I heard her for first time in my hometown and was in tearful awe. I became part of her "family" when on The Journey of Hope in Texas. In each occasion she speaks without flinching yet from the most tender place of her heart and faith.
Three Forks (Montana) Woman to Receive Peace Award
ERIK PETERSEN/CHRONICLE Marietta Jaeger Lane poses for a photo by her Three Forks area home Monday evening. Lane has been named the recipient of the 2009 Jeannette Rankin Peace Award for her work against the death penalty
Three Forks woman to receive peace award
Excerpt: “The bottom line is: Do we really honor the victims by taking on the same mindset of resolving our problems that the murderer did?” she said Monday... “Forgiveness is life-giving,” she said. “Initially, I would have been happy to kill the kidnapper myself; I just didn’t know who he was.”
By DANIEL PERSON Chronicle Staff Writer
A Three Forks woman who has embarked on an unlikely crusade against the death penalty will be honored with an award previously bestowed on luminaries like Sens. Mike Mansfield and George McGovern.
Marietta Jaeger Lane has been named the recipient of the 2009 Jeannette Rankin Peace Award, given by the Institute for Peace Studies at Rocky Mountain College to one person for “having lived a life dedicated to peacemaking at any level.”
In 1973, Lane’s 7-year-old daughter was kidnapped from her tent while she was camping near Three Forks, molested and killed. While Lane says she initially would have killed the murderer, David Meirhoffer, if she could have, for the last 36 years she has been a vocal opponent of the death penalty, speaking internationally on the subject.
“The bottom line is: Do we really honor the victims by taking on the same mindset of resolving our problems that the murderer did?” she said Monday.
“Forgiveness is life-giving,” she said. “Initially, I would have been happy to kill the kidnapper myself; I just didn’t know who he was.”
Meirhoffer admitted to killing Susie Jaeger and three others in Gallatin County, but hanged himself in jail before he stood trial.
Cindy Kunz, administrator at the Institute for Peace Studies, said board members who select the award recipient were impressed by both Lane’s work on the death penalty n which has included in presentations to the U.N. Commission on Human Rights in Geneva, Switzerland n and her work with the Michigan Coalition for Human Rights, where she worked to end racism and prejudice.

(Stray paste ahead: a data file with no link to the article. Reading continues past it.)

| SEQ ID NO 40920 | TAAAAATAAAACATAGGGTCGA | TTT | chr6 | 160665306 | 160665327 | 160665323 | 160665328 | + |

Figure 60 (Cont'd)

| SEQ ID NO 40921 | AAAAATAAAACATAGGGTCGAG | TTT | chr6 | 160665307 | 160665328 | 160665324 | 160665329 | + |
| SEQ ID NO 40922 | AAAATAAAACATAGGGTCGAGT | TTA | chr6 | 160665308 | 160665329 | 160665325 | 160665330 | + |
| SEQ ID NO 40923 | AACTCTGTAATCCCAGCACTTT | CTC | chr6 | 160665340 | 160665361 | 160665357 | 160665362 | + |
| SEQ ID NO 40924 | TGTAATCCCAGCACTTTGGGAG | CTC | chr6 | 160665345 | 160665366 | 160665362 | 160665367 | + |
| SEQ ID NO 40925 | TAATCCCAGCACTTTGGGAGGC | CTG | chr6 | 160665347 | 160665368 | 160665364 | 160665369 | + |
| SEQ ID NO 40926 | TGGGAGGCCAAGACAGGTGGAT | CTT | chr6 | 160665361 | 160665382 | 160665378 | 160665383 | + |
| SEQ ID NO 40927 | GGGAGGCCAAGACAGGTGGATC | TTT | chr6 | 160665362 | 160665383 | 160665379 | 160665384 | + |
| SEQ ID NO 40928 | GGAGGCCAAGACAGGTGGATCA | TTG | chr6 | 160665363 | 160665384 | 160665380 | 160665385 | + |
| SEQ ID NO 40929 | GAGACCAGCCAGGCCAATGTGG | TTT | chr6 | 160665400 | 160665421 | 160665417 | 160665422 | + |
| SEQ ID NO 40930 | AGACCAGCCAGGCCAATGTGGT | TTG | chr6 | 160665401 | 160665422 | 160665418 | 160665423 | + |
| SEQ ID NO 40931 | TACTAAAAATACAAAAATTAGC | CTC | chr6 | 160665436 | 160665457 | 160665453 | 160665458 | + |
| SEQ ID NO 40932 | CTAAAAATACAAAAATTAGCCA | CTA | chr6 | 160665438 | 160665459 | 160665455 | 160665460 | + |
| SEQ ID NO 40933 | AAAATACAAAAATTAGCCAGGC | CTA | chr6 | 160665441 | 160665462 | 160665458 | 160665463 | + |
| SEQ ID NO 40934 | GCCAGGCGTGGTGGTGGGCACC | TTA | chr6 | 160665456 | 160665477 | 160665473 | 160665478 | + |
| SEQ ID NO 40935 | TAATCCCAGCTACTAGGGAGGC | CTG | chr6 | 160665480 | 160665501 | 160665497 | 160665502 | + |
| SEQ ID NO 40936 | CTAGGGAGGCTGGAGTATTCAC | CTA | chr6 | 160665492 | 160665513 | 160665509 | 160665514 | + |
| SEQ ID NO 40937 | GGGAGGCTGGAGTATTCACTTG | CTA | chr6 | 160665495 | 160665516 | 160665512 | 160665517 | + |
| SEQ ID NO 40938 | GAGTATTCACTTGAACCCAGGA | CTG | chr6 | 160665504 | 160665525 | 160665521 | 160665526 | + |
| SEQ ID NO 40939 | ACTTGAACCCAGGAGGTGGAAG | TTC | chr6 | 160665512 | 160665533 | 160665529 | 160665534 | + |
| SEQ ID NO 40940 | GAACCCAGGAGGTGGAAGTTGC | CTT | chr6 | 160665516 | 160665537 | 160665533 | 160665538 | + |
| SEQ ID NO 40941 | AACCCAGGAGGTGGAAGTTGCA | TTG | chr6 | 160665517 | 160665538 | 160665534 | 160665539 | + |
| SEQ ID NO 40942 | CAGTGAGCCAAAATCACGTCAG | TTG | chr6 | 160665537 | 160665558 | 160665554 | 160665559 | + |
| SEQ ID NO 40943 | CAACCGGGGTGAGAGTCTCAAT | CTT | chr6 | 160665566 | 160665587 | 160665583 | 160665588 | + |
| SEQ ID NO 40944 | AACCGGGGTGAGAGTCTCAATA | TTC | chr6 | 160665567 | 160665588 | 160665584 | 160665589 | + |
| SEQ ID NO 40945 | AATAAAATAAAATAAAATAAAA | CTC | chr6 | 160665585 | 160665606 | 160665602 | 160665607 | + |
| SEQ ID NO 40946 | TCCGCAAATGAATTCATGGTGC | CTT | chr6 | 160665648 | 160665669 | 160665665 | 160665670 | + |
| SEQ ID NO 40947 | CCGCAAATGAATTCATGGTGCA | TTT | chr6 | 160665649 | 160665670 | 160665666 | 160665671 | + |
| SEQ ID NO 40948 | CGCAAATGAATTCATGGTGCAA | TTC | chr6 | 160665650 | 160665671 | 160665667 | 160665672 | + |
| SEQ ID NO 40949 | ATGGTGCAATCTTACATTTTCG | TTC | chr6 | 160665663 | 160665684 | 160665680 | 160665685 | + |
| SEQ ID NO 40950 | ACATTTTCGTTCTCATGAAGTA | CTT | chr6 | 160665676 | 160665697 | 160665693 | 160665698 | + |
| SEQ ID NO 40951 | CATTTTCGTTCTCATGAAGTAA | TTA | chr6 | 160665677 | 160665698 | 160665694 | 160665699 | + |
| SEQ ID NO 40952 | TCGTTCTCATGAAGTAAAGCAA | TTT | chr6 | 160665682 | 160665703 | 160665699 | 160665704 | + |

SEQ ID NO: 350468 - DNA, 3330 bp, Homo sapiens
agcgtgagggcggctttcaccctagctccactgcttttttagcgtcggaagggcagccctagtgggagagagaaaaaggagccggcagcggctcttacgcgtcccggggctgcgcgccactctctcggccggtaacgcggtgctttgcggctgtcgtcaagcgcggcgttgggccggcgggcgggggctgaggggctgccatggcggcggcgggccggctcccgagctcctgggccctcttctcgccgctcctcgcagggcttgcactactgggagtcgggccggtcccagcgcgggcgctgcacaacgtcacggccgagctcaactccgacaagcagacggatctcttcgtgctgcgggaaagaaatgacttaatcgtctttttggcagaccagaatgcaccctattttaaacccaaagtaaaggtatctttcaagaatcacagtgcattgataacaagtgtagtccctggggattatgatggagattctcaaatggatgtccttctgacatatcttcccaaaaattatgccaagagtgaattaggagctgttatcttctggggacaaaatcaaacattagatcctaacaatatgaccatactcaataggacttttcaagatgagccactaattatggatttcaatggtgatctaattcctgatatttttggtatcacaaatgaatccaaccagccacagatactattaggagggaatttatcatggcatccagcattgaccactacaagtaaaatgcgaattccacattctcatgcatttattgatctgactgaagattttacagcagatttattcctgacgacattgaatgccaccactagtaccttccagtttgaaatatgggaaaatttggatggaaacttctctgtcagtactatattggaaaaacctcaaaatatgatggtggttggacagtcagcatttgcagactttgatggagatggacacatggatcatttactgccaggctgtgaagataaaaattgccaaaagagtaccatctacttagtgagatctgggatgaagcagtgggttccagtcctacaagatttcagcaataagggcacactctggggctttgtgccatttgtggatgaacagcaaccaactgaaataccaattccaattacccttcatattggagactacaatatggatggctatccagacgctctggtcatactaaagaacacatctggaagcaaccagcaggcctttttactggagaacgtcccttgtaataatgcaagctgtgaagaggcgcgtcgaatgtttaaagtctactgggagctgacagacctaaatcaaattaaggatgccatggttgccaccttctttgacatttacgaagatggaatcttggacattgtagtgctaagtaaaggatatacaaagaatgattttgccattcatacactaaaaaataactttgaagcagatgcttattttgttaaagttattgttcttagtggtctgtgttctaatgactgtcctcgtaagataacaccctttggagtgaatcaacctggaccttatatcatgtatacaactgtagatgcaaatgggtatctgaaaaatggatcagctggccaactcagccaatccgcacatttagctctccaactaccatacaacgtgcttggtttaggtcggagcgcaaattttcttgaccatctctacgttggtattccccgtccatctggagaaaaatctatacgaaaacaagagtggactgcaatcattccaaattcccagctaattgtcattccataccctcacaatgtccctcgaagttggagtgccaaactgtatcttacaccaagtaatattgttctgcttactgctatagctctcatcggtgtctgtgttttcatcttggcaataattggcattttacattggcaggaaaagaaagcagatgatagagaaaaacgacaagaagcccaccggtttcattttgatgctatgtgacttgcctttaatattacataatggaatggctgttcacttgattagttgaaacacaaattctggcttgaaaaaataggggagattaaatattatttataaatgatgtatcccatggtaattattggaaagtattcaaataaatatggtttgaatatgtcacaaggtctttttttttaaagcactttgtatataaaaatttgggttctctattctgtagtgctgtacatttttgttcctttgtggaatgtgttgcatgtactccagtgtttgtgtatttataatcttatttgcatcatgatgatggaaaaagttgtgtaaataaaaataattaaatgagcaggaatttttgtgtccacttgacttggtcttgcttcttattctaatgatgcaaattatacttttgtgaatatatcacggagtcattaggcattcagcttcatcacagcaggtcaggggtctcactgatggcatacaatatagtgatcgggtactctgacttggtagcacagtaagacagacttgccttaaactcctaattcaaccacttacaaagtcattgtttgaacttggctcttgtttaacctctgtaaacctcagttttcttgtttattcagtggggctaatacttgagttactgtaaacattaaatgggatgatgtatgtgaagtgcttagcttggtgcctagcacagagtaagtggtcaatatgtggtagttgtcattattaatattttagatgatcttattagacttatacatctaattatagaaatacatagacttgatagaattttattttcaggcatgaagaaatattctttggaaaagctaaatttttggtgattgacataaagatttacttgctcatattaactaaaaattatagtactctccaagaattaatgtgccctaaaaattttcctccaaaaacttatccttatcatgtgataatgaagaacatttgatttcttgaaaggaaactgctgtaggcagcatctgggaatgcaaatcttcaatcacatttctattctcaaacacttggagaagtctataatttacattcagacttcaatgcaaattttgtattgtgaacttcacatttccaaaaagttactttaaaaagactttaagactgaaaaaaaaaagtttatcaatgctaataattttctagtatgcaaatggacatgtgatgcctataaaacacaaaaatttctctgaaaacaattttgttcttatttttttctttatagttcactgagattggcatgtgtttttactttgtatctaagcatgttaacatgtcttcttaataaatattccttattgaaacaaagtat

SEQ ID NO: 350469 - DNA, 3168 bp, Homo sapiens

“She had every right to have a vendetta, but she stepped past that,” Kunz said. “It’s a unique award, and Marietta fit our criteria to a T.”
The award will be presented in Billings Nov. 20. Along with Mansfield and McGovern, previous recipients have included Archbishop Raymond Hunthausen, an Anaconda-born Catholic who protested nuclear weapons and advocated for the poor, and Greg Mortenson, the Bozeman man who builds schools in Central Asia.
Lane said she attended a presentation given by Mortenson in Bozeman last week, and was humbled by it.
“There is no way I belong in the same category as this man,” she said. “He is a real hero, a real servant.”
Last winter, Lane lobbied for a bill that would have abolished the death penalty in Montana. While the measure passed the Senate, it died in a House committee on a nearly party-line vote.
She is also speaking out against the execution of John Allen Muhammad, better known as the “D.C. sniper,” which is scheduled for today.
“I just think we need to aspire to higher moral principles,” she said.
Daniel Person can be reached at firstname.lastname@example.org or 582-2665.